You’re the head of the World Pandemic Control, and you’ve just received word that Gamers’ Flu–a rare, highly contagious disease–is spreading through Europe. Should you close the airports, or the markets? Should you distribute face masks, or isolate symptomatic individuals? Should you improve research facilities, or stockpile vaccines? Whatever you do, you better act fast: People are dying, and money is tight.
No, you’re not having the world’s most nuanced nightmare. You’re playing The Great Flu, a free online video game–yes, video game–developed by Dutch researchers to raise awareness about Swine Flu and similar outbreaks. As Kotaku reports, “Even at the lowest difficulty the game delivers a sense of just how difficult it is to handle and contain the spread of a dangerous virus.”
To many, turning a deadly disease into a playable pastime might seem distasteful, especially as North America braces for a “second wave” of H1N1. But among children, this gimmick may actually be the most effective way to communicate serious news. Last year, for example, researchers found that the videogame Re-Mission,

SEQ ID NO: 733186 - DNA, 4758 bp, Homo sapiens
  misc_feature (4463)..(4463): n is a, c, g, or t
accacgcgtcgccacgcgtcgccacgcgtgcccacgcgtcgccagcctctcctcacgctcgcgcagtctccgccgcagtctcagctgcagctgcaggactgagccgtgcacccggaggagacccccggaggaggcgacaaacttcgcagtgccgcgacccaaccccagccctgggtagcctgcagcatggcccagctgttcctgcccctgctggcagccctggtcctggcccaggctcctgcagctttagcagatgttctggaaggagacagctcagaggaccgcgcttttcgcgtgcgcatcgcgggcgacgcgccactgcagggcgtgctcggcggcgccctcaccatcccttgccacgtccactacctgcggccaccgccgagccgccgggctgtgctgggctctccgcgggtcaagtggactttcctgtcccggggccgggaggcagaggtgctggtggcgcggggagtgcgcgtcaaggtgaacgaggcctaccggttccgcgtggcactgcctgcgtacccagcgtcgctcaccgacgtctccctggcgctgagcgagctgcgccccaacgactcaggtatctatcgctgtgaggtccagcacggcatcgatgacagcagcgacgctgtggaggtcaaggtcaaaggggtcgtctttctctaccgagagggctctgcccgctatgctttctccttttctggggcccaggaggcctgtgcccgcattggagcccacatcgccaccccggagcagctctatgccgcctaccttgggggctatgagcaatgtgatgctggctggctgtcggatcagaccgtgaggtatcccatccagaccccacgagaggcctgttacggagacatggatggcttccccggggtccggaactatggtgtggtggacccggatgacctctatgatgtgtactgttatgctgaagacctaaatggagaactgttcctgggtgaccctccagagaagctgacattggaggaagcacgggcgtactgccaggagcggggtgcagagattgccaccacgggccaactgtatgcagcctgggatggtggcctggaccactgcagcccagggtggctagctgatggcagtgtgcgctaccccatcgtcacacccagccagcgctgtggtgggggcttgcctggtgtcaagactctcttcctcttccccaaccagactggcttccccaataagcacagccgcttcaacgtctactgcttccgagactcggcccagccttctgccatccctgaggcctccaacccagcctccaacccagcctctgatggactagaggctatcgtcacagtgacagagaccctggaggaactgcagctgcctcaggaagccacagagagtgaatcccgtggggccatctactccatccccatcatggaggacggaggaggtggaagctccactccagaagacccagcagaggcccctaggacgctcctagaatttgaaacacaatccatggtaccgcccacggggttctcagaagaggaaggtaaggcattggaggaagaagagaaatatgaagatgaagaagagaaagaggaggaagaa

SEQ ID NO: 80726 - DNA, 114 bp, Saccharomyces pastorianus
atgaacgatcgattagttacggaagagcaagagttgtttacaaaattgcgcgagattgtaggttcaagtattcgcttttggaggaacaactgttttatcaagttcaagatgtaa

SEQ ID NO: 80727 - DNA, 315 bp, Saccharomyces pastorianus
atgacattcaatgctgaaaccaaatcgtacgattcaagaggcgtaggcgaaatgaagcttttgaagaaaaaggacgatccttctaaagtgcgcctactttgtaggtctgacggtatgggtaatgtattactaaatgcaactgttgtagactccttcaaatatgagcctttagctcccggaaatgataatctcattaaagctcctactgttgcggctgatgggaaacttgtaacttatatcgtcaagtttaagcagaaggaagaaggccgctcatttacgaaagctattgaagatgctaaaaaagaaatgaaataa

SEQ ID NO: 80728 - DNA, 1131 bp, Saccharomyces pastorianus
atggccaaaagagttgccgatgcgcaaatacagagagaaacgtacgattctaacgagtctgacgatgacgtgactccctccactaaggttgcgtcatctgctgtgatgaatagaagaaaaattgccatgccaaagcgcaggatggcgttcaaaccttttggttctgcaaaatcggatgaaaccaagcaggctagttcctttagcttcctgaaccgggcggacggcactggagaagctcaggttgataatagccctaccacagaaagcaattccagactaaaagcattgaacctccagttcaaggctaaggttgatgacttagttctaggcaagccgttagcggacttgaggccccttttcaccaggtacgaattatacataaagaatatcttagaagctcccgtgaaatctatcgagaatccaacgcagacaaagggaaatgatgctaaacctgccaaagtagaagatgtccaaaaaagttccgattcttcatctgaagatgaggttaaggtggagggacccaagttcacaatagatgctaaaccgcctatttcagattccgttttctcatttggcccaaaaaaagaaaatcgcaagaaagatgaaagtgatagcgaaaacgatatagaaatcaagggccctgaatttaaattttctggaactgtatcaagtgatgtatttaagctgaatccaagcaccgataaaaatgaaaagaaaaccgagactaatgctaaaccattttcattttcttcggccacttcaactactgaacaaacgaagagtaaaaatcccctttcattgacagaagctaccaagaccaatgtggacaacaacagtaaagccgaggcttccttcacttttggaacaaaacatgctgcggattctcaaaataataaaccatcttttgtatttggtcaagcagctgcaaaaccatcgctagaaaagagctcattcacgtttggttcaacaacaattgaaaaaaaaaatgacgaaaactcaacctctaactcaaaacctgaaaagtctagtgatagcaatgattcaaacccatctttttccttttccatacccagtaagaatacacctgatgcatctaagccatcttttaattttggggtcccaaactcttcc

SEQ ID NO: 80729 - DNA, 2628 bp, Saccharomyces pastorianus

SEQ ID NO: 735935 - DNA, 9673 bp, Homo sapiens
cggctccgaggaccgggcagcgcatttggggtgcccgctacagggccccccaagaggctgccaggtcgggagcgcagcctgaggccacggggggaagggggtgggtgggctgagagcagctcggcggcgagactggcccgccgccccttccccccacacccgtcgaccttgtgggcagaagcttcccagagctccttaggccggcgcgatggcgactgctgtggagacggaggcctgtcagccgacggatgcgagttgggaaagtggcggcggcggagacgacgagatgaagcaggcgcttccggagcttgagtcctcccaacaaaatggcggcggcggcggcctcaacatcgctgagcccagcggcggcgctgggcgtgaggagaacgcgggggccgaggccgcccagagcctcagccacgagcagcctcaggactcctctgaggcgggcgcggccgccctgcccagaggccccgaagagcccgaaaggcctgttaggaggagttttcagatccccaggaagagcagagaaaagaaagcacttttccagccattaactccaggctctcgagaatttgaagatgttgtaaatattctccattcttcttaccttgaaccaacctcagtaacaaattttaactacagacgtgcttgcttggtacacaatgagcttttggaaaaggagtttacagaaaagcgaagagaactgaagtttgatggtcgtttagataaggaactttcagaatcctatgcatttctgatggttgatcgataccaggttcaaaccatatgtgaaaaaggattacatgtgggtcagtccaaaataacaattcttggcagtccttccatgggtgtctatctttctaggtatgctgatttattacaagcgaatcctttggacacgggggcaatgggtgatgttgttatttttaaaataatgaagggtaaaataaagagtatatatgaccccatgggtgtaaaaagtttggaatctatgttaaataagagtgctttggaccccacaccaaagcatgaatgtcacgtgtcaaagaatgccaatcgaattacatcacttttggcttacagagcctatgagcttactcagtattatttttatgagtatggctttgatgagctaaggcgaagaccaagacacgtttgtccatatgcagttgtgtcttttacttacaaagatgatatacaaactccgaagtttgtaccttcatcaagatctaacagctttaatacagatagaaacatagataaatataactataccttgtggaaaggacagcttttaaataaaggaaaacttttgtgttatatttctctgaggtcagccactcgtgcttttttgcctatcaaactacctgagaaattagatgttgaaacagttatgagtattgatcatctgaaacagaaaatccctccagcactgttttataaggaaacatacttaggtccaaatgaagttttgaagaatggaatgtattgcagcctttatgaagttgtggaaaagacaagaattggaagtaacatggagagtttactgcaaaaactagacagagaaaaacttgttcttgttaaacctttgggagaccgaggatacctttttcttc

whose main character is a robot fighting cancer cells, “improves
treatment adherence, cancer-related self-efficacy, and knowledge among
pediatric cancer patients.”
In sum, you should spend five minutes testing The Great Flu–if only because saving lives is way better than sweeping mines. …Right?